After our visit to Scott’s Landing on Sunday we drove the short distance to the Pine Hill Preserve on Little Deer Isle, another of the properties managed by the Island Heritage Trust that we had not visited before. The contrast between the two locations could not have been greater. Scott’s Landing allowed for a pleasant ramble on gently rolling meadows and beaches. Pine Hill Preserve is a lot smaller and a lot more . . . abrupt. After a short walk on old quarry road you reach its central feature: a rock outcropping that rises dramatically from the pine forest. It’s a big, steep hill, and you can get a sense of its scale if you look carefully at the photo above and see the two figures at the top who are taking a picture.
The short hike up Pine Hill is a lot more challenging than anything Scott’s Landing requires of a hiker. The key word is “up.” The trail is almost entirely vertical, as the photo above shows. Be prepared to haul yourself up the steep, rocky incline and—because, as any veteran hiker knows, coming down is usually more hazardous than going up—be prepared to get on hands and knees and carefully back down when you are descending on some stretches of the trail.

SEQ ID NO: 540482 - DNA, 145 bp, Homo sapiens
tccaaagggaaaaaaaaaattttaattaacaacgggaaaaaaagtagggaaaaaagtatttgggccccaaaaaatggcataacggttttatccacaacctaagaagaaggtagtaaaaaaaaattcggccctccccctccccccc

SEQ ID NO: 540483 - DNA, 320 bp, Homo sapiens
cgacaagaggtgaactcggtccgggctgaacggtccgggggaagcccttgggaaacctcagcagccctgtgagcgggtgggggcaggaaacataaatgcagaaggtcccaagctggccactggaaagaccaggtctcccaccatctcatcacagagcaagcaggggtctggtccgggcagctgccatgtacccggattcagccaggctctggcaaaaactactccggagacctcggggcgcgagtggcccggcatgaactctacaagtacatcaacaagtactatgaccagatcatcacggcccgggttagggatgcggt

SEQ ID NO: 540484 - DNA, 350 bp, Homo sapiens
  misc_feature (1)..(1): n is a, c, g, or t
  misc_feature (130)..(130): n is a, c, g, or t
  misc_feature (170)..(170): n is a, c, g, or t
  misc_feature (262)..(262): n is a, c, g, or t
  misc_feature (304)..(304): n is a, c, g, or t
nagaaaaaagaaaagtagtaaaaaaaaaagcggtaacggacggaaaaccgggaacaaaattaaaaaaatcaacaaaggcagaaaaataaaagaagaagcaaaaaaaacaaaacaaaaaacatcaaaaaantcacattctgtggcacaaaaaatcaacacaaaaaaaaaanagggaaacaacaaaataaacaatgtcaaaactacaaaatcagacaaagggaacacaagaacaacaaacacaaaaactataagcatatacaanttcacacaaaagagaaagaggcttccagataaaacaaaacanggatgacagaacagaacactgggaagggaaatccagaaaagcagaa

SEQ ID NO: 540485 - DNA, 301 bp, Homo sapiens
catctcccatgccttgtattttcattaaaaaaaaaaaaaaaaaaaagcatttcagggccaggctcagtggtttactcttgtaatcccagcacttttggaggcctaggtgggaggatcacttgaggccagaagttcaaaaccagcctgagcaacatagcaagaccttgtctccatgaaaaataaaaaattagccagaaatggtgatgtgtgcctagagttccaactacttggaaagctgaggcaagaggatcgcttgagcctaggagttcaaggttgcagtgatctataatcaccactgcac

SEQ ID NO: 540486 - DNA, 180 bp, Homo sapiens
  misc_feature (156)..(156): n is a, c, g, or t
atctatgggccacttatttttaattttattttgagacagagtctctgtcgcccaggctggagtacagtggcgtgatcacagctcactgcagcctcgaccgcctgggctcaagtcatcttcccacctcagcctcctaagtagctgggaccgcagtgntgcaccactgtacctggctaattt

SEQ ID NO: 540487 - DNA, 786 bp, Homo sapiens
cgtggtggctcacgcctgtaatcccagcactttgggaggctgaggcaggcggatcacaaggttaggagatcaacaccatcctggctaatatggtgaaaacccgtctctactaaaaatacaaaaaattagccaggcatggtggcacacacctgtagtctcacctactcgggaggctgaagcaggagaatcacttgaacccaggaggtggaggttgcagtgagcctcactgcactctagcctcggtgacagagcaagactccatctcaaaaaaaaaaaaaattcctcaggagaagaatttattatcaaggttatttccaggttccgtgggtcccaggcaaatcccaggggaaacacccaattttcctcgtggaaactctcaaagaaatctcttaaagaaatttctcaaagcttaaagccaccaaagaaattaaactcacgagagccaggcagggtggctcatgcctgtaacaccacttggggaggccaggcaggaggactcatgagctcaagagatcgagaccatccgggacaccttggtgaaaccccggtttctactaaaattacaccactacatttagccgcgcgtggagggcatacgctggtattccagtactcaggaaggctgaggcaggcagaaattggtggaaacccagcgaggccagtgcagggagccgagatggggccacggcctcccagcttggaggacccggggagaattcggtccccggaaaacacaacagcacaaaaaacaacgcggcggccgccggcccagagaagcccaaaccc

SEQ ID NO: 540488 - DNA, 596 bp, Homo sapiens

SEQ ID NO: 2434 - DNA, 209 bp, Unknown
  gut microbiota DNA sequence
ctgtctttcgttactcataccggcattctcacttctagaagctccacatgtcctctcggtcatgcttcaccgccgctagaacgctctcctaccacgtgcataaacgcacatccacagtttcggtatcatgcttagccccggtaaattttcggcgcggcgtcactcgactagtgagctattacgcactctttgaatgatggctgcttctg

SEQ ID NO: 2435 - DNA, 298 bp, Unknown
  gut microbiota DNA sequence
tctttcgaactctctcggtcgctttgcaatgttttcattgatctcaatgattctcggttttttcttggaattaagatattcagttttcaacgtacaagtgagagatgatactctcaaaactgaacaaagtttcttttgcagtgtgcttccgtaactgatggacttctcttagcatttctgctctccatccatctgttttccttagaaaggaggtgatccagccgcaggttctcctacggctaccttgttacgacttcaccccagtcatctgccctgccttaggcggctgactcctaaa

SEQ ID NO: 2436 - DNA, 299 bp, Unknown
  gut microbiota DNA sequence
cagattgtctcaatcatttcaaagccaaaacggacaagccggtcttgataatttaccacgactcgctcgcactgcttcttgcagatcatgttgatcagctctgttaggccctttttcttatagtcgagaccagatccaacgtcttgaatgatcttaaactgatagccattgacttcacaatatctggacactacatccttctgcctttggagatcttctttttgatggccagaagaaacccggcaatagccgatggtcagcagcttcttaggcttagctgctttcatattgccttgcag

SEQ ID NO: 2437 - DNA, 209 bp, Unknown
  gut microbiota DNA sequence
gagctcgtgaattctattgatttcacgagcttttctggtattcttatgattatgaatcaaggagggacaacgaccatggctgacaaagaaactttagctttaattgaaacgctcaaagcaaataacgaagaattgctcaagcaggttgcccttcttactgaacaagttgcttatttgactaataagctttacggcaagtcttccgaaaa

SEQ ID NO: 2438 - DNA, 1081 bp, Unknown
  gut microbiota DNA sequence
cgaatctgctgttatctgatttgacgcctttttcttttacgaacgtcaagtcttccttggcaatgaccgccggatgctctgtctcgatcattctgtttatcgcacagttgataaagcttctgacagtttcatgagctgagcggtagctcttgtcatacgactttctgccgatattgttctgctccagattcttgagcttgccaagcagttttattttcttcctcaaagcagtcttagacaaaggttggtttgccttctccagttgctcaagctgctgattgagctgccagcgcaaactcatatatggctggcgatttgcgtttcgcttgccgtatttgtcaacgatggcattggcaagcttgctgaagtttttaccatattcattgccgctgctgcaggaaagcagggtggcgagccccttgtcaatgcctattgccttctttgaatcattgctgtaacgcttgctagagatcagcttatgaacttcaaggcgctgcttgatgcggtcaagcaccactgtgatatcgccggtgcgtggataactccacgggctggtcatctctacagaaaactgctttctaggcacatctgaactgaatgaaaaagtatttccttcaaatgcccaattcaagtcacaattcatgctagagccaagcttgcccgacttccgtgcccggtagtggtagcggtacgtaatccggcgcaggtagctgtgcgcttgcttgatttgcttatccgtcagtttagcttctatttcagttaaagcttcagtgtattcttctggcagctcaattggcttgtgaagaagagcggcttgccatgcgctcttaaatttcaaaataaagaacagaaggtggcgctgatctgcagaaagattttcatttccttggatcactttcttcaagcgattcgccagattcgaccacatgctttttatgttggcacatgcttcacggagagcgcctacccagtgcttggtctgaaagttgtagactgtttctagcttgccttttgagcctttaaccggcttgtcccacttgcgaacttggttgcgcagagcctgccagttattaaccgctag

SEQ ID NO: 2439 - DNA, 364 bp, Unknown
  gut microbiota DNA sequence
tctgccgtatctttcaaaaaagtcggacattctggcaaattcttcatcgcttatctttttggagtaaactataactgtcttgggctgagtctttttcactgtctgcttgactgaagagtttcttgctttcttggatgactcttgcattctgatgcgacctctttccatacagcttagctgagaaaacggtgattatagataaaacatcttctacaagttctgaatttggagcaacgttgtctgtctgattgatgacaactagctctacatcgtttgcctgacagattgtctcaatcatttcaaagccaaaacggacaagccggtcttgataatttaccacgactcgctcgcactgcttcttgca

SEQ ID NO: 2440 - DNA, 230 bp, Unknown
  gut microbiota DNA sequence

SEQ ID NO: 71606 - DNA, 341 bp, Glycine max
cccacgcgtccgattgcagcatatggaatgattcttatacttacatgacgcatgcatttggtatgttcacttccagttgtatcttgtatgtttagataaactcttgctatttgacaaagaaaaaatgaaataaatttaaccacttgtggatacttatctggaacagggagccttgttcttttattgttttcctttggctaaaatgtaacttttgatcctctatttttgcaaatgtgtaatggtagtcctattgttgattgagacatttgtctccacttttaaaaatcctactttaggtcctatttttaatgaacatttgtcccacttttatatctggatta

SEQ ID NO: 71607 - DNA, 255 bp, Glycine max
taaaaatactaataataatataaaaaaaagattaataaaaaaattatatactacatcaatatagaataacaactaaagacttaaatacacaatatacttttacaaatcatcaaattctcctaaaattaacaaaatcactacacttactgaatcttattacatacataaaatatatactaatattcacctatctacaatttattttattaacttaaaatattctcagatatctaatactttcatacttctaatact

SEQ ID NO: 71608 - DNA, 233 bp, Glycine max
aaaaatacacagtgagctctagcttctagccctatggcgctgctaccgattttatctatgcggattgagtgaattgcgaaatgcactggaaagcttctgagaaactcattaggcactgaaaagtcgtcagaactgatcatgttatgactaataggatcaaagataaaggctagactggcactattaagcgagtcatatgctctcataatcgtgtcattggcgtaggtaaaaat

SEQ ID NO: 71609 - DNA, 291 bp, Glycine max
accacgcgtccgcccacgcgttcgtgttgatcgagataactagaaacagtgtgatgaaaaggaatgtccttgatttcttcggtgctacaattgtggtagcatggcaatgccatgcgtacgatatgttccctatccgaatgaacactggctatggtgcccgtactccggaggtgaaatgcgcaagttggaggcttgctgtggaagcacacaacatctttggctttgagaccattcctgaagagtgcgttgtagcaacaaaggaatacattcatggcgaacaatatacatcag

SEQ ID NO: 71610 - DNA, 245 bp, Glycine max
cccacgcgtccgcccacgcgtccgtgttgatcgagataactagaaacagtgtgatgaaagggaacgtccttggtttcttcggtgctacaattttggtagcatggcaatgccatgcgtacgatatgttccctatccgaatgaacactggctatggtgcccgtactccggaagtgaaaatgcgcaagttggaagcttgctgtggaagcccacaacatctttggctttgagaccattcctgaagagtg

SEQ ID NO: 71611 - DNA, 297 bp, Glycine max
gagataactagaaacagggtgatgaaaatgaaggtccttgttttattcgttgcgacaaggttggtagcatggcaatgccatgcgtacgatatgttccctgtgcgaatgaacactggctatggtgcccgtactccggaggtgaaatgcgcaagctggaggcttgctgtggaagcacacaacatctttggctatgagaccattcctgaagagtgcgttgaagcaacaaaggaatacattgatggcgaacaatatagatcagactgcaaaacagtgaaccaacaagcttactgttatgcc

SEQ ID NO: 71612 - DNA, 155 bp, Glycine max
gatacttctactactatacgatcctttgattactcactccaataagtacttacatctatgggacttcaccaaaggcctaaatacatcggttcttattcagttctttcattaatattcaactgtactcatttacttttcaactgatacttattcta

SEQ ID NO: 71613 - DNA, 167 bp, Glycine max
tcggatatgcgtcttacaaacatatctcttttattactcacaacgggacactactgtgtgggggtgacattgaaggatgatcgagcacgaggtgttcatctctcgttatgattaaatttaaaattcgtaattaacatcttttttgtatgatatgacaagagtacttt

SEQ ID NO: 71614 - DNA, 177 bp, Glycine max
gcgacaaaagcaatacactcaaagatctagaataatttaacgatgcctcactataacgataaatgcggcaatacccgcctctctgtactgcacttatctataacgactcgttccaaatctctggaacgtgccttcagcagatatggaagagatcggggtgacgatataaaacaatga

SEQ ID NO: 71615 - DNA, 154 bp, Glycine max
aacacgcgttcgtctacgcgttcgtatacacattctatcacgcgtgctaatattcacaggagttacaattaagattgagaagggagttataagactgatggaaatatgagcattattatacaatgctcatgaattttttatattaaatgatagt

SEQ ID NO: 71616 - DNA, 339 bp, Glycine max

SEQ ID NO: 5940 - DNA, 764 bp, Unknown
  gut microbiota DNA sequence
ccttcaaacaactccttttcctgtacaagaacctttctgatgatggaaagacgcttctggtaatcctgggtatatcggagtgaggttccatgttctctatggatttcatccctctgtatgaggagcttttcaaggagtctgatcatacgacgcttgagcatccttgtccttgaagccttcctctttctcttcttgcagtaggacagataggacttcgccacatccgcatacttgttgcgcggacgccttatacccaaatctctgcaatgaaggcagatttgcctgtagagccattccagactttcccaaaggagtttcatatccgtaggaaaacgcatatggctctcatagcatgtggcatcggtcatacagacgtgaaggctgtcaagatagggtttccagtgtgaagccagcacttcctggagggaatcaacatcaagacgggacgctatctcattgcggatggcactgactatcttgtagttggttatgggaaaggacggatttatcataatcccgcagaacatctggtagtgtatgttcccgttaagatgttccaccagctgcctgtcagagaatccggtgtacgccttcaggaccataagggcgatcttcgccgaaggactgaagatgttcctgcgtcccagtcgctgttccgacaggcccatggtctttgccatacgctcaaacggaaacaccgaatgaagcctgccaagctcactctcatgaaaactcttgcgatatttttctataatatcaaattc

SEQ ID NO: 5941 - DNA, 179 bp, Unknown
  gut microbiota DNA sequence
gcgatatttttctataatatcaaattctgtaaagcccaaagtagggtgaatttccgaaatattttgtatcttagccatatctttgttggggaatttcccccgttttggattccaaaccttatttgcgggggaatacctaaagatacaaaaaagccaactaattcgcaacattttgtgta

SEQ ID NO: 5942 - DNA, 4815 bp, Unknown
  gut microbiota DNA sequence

But when you reach the top you are rewarded by some magnificent views. In one direction you gaze over the rock face, where they quarried some of the stone that makes up the causeway between Little Deer Isle and Deer Isle, and acres of pine trees beyond. In another direction, you can look over the forest to the Eggemoggin Reach and the suspension bridge to the mainland.